Born in Hiram, Ohio, the daughter of Zeb Rudolph, a farmer and co-founder of the Eclectic Institute at Hiram, and Arabella Mason-Rudolph, Lucretia “Crete” Rudolph was a devout member of the Churches of Christ. Her ancestry includes German, Welsh, English and Irish. She first met James Garfield in 1849 when they were classmates at Geauga Seminary in Chester, Ohio, and followed him to the Eclectic Institute, where they began dating. They had planned to marry on his graduation in 1856, but decided to postpone the wedding for a couple of years until he was earning more money. James and Lucretia were married on 11 Nov 1858 at the home of the bride’s parents in Hiram. James’ service in the Union Army from 1861-63 kept the couple apart. But after his first winter in Washington as a freshman Representative, the family remained together. With a home in the capital as well as one (“Lawnfield”) in Mentor, Ohio, they enjoyed a happy domestic life. In Washington, D.C. they shared intellectual interests with congenial friends; she went with him to meetings of a locally celebrated literary society. They read together, made social calls together, dined with each other, and traveled in company until by 1880 they were as nearly inseparable as his career permitted. The Garfields had four sons and a daughter who lived to maturity: Harry Augustus (1863–1942) – lawyer, educator, public official; James Rudolph (1865–1950), see below; Mary “Mollie” (1867-1947). In 1888 she married Joseph Stanley-Brown, presidential secretary during Garfield’s term, later an investment banker. Irvin McDowell (1870-1951) – lawyer and Abram (1872-1958) – architect. As First Lady, Mrs. Garfield researched the history of the White House furnishings with a view to restoring it to its former glory, but she contracted malaria and was unable to pursue the project. During the three months that President Garfield fought for his life after being shot by Charles Guiteau on 2 Jul 1881, her grief and devotion won the respect and sympathy of the country. On the night of Garfield’s death, according to the doctor, she exclaimed, “Oh, why am I made to suffer this cruel wrong?” After his death and funeral, the bereaved family went home to their farm in northern Ohio. For another 36 years she led a strictly private, but busy and comfortable life, active in preserving the records of her husband’s career. She created a wing to the home that became a presidential library of his papers. In later life, she lived comfortably on a $350,000 trust fund raised for her and the Garfield children by financier Cyrus W. Field. She spent winters in South Pasadena, where she built a home designed by the celebrated architects Greene & Greene to whom she was distantly related. She died at her home in South Pasadena, California on 14 Mar 1918.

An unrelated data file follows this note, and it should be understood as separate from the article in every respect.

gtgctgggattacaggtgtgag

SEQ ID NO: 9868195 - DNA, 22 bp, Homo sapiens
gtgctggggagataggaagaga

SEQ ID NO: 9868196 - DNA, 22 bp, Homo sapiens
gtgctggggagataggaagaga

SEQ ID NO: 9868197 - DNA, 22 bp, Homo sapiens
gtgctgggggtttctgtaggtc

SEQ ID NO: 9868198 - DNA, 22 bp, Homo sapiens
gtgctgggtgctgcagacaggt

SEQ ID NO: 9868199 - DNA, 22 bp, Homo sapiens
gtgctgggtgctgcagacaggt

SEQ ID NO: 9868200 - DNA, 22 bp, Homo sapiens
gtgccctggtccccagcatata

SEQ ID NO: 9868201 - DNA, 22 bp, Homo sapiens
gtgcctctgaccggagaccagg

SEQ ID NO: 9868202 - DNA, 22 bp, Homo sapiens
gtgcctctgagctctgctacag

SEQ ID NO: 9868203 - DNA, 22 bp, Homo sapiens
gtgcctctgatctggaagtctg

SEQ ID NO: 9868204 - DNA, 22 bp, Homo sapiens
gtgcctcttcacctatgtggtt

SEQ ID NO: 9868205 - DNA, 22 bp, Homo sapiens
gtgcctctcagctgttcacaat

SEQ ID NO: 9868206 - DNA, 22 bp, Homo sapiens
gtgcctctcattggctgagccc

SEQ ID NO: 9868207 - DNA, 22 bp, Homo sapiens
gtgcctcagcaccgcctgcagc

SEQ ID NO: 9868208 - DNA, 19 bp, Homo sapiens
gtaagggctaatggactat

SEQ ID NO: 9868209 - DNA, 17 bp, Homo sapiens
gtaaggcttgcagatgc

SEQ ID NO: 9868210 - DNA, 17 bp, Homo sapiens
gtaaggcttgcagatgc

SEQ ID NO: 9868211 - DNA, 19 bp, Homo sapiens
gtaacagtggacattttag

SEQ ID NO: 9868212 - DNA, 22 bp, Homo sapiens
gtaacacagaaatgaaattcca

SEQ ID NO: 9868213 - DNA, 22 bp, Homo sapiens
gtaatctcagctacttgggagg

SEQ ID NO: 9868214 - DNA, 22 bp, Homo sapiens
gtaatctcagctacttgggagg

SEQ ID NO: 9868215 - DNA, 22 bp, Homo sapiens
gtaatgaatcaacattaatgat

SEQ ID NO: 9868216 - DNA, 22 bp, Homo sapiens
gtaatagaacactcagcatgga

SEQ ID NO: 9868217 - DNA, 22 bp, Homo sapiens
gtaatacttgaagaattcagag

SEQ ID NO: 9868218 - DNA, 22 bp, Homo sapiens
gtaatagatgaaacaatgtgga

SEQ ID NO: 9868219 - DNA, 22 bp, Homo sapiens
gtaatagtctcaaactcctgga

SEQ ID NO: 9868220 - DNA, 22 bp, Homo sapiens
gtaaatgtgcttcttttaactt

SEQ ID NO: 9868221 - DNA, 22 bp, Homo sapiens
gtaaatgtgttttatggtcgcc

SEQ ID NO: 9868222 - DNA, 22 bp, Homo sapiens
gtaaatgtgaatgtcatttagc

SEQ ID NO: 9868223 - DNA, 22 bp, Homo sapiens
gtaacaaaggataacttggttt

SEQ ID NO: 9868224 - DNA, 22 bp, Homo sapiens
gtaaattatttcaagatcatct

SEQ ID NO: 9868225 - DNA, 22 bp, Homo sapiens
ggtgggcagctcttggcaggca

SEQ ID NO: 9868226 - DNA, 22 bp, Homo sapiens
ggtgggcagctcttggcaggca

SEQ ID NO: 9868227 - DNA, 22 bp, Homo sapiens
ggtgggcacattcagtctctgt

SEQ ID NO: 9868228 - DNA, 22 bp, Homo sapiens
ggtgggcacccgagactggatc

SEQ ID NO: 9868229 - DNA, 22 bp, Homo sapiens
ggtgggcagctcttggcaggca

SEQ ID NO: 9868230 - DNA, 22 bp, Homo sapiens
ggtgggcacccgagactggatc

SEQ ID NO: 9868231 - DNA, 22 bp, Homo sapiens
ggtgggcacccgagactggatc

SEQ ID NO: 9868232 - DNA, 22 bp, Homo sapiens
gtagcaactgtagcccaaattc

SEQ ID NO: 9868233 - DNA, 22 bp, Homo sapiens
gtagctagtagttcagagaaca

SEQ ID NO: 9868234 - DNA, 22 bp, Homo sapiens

James Rudolph Garfield (1865–1950), 5th cousin 4x removed
President Garfield’s son, James Rudolph Garfield (1865-1950), my 5th cousin 4x removed, was a prominent politician in his own right as well. From 1896-99, he served in the Ohio State Senate. He was an influential advisor to President Theodore Roosevelt, serving as a Member of the United States Civil Service Commission from 1902-03. From 1903-07, he served as Commissioner of Corporations at the Department of Commerce and Labor, where he conducted investigations of the meat-packing, petroleum, steel, and railroad industries. From 1907-09, he served in Roosevelt’s Cabinet as Secretary of the Interior, where he advocated for the conservation of natural resources. He left this post on 4 Mar 1909 and returned to his law practice in Cleveland. During the 1912 presidential election, he was a key supporter of Roosevelt’s bid for a third term. In 1914, he made an unsuccessful bid for Lieutenant Governor of Ohio on the Progressive Party ticket.
(President, 20th) James Abram Garfield (1831 – 1881), husband of 4th cousin 5x removed – Lucretia Rudolph (1832 – 1918) – Arabella Mason (1810 – 1879) – Elijah Mason (1756 – 1833) – Peleg Sanford Mason (1720 – 1761) – John Mason (1673 – 1736) – John Mason (1646 – 1676) – Ann Mason (1669 – 1753) – Althea Cogswell (1715 – ) – Lucy Foster (1740 – 1785) – Loren Hamlin (1784 – 1843) – Fayette B Hamlin (1812 – 1866) – Henry Fayette Hamlin (1834 – 1901) – Clarence Clark Hamlin (1868 – 1940) – Elizabeth Gunnell Hamlin (1901 – 1982) – Tor Martin Hylbom (1939 – 2009) – Tor Martin (Majerus) Hylbom
Lucretia Rudolph and James Rudolph Garfield are also descendants of John Greene (1597-1659) and Joane Tattersall (1598-1635), my paternal 11th g-grandparents, as follows:
Dr. John Greene (1597 – 1659), 6th g-grandfather – Thomas Greene (1628 – 1717) – Nathaniel Greene (1679 – 1714) – Nathaniel Greene (1709 – 1739) – John Greene (1736 – 1813) – Lucretia Greene (1770 – 1852) – Arabella Mason (1810 – 1879) – Lucretia Rudolph (1832 – 1918) – James Rudolph Garfield (1865 – 1950)